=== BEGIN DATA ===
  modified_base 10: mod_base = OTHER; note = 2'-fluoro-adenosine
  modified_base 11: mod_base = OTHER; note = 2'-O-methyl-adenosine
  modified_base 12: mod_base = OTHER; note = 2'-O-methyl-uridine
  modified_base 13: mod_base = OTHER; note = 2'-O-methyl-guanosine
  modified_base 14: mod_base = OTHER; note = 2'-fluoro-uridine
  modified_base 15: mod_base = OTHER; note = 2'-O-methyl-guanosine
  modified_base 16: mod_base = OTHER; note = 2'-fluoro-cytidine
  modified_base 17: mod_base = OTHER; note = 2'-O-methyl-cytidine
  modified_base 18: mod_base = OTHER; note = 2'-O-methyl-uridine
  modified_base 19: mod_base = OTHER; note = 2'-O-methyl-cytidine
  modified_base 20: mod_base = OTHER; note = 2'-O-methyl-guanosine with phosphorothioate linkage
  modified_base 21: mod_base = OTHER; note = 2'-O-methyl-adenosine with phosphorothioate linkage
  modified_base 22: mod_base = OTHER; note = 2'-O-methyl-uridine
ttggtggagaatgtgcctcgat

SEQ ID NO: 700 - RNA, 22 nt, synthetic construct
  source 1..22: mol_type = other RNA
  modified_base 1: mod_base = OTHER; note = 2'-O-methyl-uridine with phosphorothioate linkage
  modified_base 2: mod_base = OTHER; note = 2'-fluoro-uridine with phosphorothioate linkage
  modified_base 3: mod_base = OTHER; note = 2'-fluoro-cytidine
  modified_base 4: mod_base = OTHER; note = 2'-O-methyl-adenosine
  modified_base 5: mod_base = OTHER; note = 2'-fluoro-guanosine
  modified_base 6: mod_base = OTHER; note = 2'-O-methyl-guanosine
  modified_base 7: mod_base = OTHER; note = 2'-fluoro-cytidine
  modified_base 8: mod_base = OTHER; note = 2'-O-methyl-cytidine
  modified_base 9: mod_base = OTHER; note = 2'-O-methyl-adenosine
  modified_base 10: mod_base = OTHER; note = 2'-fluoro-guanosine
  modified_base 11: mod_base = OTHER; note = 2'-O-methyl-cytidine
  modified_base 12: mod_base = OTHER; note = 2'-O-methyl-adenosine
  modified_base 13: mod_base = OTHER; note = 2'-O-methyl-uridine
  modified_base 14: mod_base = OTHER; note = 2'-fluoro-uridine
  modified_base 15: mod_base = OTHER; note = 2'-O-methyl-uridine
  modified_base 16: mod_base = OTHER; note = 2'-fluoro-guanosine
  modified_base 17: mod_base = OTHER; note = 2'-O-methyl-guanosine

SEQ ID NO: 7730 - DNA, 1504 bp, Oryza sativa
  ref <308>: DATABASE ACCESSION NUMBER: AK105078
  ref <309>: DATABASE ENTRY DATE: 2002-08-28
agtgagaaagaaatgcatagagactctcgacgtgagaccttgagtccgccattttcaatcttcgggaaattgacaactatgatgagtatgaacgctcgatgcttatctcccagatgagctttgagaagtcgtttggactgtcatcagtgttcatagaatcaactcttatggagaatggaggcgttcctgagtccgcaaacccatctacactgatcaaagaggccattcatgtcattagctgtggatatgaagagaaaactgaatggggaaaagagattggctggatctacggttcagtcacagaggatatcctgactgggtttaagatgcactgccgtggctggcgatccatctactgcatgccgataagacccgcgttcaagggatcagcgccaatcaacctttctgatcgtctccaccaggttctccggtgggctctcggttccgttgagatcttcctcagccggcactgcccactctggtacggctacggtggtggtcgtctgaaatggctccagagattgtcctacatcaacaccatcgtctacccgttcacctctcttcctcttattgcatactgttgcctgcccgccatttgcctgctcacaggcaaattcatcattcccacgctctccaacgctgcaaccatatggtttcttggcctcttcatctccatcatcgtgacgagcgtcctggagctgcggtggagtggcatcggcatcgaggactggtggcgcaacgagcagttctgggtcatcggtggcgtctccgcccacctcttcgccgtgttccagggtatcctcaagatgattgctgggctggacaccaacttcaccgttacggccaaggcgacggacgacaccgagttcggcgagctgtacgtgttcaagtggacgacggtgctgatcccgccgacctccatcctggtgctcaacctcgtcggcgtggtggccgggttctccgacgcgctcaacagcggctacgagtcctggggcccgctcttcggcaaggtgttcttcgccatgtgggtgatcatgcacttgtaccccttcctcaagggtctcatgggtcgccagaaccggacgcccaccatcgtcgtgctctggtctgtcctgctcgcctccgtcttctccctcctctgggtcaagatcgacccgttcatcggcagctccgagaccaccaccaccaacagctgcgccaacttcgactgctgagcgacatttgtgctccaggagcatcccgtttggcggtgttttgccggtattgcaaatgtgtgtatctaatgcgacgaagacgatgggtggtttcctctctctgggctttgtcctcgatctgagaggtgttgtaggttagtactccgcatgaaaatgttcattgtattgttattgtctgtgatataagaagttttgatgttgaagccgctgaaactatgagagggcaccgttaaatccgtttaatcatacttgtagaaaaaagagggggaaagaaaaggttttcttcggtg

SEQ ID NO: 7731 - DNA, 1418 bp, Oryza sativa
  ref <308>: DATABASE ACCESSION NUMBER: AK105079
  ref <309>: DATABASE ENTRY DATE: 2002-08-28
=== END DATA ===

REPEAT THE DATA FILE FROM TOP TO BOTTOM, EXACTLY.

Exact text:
  modified_base 10: mod_base = OTHER; note = 2'-fluoro-adenosine
  modified_base 11: mod_base = OTHER; note = 2'-O-methyl-adenosine
  modified_base 12: mod_base = OTHER; note = 2'-O-methyl-uridine
  modified_base 13: mod_base = OTHER; note = 2'-O-methyl-guanosine
  modified_base 14: mod_base = OTHER; note = 2'-fluoro-uridine
  modified_base 15: mod_base = OTHER; note = 2'-O-methyl-guanosine
  modified_base 16: mod_base = OTHER; note = 2'-fluoro-cytidine
  modified_base 17: mod_base = OTHER; note = 2'-O-methyl-cytidine
  modified_base 18: mod_base = OTHER; note = 2'-O-methyl-uridine
  modified_base 19: mod_base = OTHER; note = 2'-O-methyl-cytidine
  modified_base 20: mod_base = OTHER; note = 2'-O-methyl-guanosine with phosphorothioate linkage
  modified_base 21: mod_base = OTHER; note = 2'-O-methyl-adenosine with phosphorothioate linkage
  modified_base 22: mod_base = OTHER; note = 2'-O-methyl-uridine
ttggtggagaatgtgcctcgat

SEQ ID NO: 700 - RNA, 22 nt, synthetic construct
  source 1..22: mol_type = other RNA
  modified_base 1: mod_base = OTHER; note = 2'-O-methyl-uridine with phosphorothioate linkage
  modified_base 2: mod_base = OTHER; note = 2'-fluoro-uridine with phosphorothioate linkage
  modified_base 3: mod_base = OTHER; note = 2'-fluoro-cytidine
  modified_base 4: mod_base = OTHER; note = 2'-O-methyl-adenosine
  modified_base 5: mod_base = OTHER; note = 2'-fluoro-guanosine
  modified_base 6: mod_base = OTHER; note = 2'-O-methyl-guanosine
  modified_base 7: mod_base = OTHER; note = 2'-fluoro-cytidine
  modified_base 8: mod_base = OTHER; note = 2'-O-methyl-cytidine
  modified_base 9: mod_base = OTHER; note = 2'-O-methyl-adenosine
  modified_base 10: mod_base = OTHER; note = 2'-fluoro-guanosine
  modified_base 11: mod_base = OTHER; note = 2'-O-methyl-cytidine
  modified_base 12: mod_base = OTHER; note = 2'-O-methyl-adenosine
  modified_base 13: mod_base = OTHER; note = 2'-O-methyl-uridine
  modified_base 14: mod_base = OTHER; note = 2'-fluoro-uridine
  modified_base 15: mod_base = OTHER; note = 2'-O-methyl-uridine
  modified_base 16: mod_base = OTHER; note = 2'-fluoro-guanosine
  modified_base 17: mod_base = OTHER; note = 2'-O-methyl-guanosine

SEQ ID NO: 7730 - DNA, 1504 bp, Oryza sativa
  ref <308>: DATABASE ACCESSION NUMBER: AK105078
  ref <309>: DATABASE ENTRY DATE: 2002-08-28
agtgagaaagaaatgcatagagactctcgacgtgagaccttgagtccgccattttcaatcttcgggaaattgacaactatgatgagtatgaacgctcgatgcttatctcccagatgagctttgagaagtcgtttggactgtcatcagtgttcatagaatcaactcttatggagaatggaggcgttcctgagtccgcaaacccatctacactgatcaaagaggccattcatgtcattagctgtggatatgaagagaaaactgaatggggaaaagagattggctggatctacggttcagtcacagaggatatcctgactgggtttaagatgcactgccgtggctggcgatccatctactgcatgccgataagacccgcgttcaagggatcagcgccaatcaacctttctgatcgtctccaccaggttctccggtgggctctcggttccgttgagatcttcctcagccggcactgcccactctggtacggctacggtggtggtcgtctgaaatggctccagagattgtcctacatcaacaccatcgtctacccgttcacctctcttcctcttattgcatactgttgcctgcccgccatttgcctgctcacaggcaaattcatcattcccacgctctccaacgctgcaaccatatggtttcttggcctcttcatctccatcatcgtgacgagcgtcctggagctgcggtggagtggcatcggcatcgaggactggtggcgcaacgagcagttctgggtcatcggtggcgtctccgcccacctcttcgccgtgttccagggtatcctcaagatgattgctgggctggacaccaacttcaccgttacggccaaggcgacggacgacaccgagttcggcgagctgtacgtgttcaagtggacgacggtgctgatcccgccgacctccatcctggtgctcaacctcgtcggcgtggtggccgggttctccgacgcgctcaacagcggctacgagtcctggggcccgctcttcggcaaggtgttcttcgccatgtgggtgatcatgcacttgtaccccttcctcaagggtctcatgggtcgccagaaccggacgcccaccatcgtcgtgctctggtctgtcctgctcgcctccgtcttctccctcctctgggtcaagatcgacccgttcatcggcagctccgagaccaccaccaccaacagctgcgccaacttcgactgctgagcgacatttgtgctccaggagcatcccgtttggcggtgttttgccggtattgcaaatgtgtgtatctaatgcgacgaagacgatgggtggtttcctctctctgggctttgtcctcgatctgagaggtgttgtaggttagtactccgcatgaaaatgttcattgtattgttattgtctgtgatataagaagttttgatgttgaagccgctgaaactatgagagggcaccgttaaatccgtttaatcatacttgtagaaaaaagagggggaaagaaaaggttttcttcggtg

SEQ ID NO: 7731 - DNA, 1418 bp, Oryza sativa
  ref <308>: DATABASE ACCESSION NUMBER: AK105079
  ref <309>: DATABASE ENTRY DATE: 2002-08-28